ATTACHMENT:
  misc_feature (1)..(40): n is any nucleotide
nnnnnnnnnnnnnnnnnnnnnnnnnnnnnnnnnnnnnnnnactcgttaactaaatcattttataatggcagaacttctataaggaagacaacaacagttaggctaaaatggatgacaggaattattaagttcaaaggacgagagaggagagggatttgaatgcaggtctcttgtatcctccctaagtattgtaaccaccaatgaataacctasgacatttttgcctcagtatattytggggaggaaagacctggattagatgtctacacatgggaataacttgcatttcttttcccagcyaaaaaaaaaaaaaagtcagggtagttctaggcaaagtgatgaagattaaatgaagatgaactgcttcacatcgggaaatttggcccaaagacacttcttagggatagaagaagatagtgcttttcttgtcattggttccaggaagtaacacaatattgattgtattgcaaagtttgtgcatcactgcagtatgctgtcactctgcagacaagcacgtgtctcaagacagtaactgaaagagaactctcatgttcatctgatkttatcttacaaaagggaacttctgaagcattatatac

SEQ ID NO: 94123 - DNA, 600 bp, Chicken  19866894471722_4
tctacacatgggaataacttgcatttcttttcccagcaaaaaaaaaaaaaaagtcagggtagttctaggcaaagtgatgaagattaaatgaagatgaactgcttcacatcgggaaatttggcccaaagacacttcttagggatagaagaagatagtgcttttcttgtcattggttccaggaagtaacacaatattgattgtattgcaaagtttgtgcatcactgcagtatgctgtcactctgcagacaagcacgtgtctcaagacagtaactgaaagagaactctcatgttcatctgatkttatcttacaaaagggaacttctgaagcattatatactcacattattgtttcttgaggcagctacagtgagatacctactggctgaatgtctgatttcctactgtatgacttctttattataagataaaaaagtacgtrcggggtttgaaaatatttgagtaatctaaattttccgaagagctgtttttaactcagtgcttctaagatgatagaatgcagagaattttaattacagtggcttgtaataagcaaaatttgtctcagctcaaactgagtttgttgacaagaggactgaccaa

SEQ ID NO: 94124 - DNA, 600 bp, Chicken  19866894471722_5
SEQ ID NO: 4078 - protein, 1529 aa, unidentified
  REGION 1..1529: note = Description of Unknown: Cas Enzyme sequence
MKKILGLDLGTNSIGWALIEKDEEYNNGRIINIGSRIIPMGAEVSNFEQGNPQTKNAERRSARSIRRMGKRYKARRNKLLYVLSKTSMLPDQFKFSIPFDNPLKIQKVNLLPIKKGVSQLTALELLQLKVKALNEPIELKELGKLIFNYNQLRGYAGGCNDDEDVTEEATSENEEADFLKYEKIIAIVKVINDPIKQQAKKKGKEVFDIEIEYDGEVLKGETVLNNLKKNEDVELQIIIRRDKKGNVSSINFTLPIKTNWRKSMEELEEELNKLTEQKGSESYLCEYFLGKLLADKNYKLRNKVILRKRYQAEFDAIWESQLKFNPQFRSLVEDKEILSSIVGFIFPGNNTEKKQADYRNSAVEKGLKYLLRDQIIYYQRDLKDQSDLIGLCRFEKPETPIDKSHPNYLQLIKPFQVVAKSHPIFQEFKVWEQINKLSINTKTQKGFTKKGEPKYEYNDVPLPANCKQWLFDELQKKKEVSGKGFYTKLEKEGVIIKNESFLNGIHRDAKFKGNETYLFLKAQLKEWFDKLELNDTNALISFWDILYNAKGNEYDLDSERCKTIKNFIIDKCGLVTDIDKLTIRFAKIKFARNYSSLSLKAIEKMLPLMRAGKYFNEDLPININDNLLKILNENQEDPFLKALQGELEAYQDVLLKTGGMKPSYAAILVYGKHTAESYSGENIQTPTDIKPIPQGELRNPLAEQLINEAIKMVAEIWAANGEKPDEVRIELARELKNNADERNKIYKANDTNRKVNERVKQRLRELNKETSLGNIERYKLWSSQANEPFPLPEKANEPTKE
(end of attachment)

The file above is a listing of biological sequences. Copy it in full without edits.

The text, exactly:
  misc_feature (1)..(40): n is any nucleotide
nnnnnnnnnnnnnnnnnnnnnnnnnnnnnnnnnnnnnnnnactcgttaactaaatcattttataatggcagaacttctataaggaagacaacaacagttaggctaaaatggatgacaggaattattaagttcaaaggacgagagaggagagggatttgaatgcaggtctcttgtatcctccctaagtattgtaaccaccaatgaataacctasgacatttttgcctcagtatattytggggaggaaagacctggattagatgtctacacatgggaataacttgcatttcttttcccagcyaaaaaaaaaaaaaagtcagggtagttctaggcaaagtgatgaagattaaatgaagatgaactgcttcacatcgggaaatttggcccaaagacacttcttagggatagaagaagatagtgcttttcttgtcattggttccaggaagtaacacaatattgattgtattgcaaagtttgtgcatcactgcagtatgctgtcactctgcagacaagcacgtgtctcaagacagtaactgaaagagaactctcatgttcatctgatkttatcttacaaaagggaacttctgaagcattatatac

SEQ ID NO: 94123 - DNA, 600 bp, Chicken  19866894471722_4
tctacacatgggaataacttgcatttcttttcccagcaaaaaaaaaaaaaaagtcagggtagttctaggcaaagtgatgaagattaaatgaagatgaactgcttcacatcgggaaatttggcccaaagacacttcttagggatagaagaagatagtgcttttcttgtcattggttccaggaagtaacacaatattgattgtattgcaaagtttgtgcatcactgcagtatgctgtcactctgcagacaagcacgtgtctcaagacagtaactgaaagagaactctcatgttcatctgatkttatcttacaaaagggaacttctgaagcattatatactcacattattgtttcttgaggcagctacagtgagatacctactggctgaatgtctgatttcctactgtatgacttctttattataagataaaaaagtacgtrcggggtttgaaaatatttgagtaatctaaattttccgaagagctgtttttaactcagtgcttctaagatgatagaatgcagagaattttaattacagtggcttgtaataagcaaaatttgtctcagctcaaactgagtttgttgacaagaggactgaccaa

SEQ ID NO: 94124 - DNA, 600 bp, Chicken  19866894471722_5
SEQ ID NO: 4078 - protein, 1529 aa, unidentified
  REGION 1..1529: note = Description of Unknown: Cas Enzyme sequence
MKKILGLDLGTNSIGWALIEKDEEYNNGRIINIGSRIIPMGAEVSNFEQGNPQTKNAERRSARSIRRMGKRYKARRNKLLYVLSKTSMLPDQFKFSIPFDNPLKIQKVNLLPIKKGVSQLTALELLQLKVKALNEPIELKELGKLIFNYNQLRGYAGGCNDDEDVTEEATSENEEADFLKYEKIIAIVKVINDPIKQQAKKKGKEVFDIEIEYDGEVLKGETVLNNLKKNEDVELQIIIRRDKKGNVSSINFTLPIKTNWRKSMEELEEELNKLTEQKGSESYLCEYFLGKLLADKNYKLRNKVILRKRYQAEFDAIWESQLKFNPQFRSLVEDKEILSSIVGFIFPGNNTEKKQADYRNSAVEKGLKYLLRDQIIYYQRDLKDQSDLIGLCRFEKPETPIDKSHPNYLQLIKPFQVVAKSHPIFQEFKVWEQINKLSINTKTQKGFTKKGEPKYEYNDVPLPANCKQWLFDELQKKKEVSGKGFYTKLEKEGVIIKNESFLNGIHRDAKFKGNETYLFLKAQLKEWFDKLELNDTNALISFWDILYNAKGNEYDLDSERCKTIKNFIIDKCGLVTDIDKLTIRFAKIKFARNYSSLSLKAIEKMLPLMRAGKYFNEDLPININDNLLKILNENQEDPFLKALQGELEAYQDVLLKTGGMKPSYAAILVYGKHTAESYSGENIQTPTDIKPIPQGELRNPLAEQLINEAIKMVAEIWAANGEKPDEVRIELARELKNNADERNKIYKANDTNRKVNERVKQRLRELNKETSLGNIERYKLWSSQANEPFPLPEKANEPTKE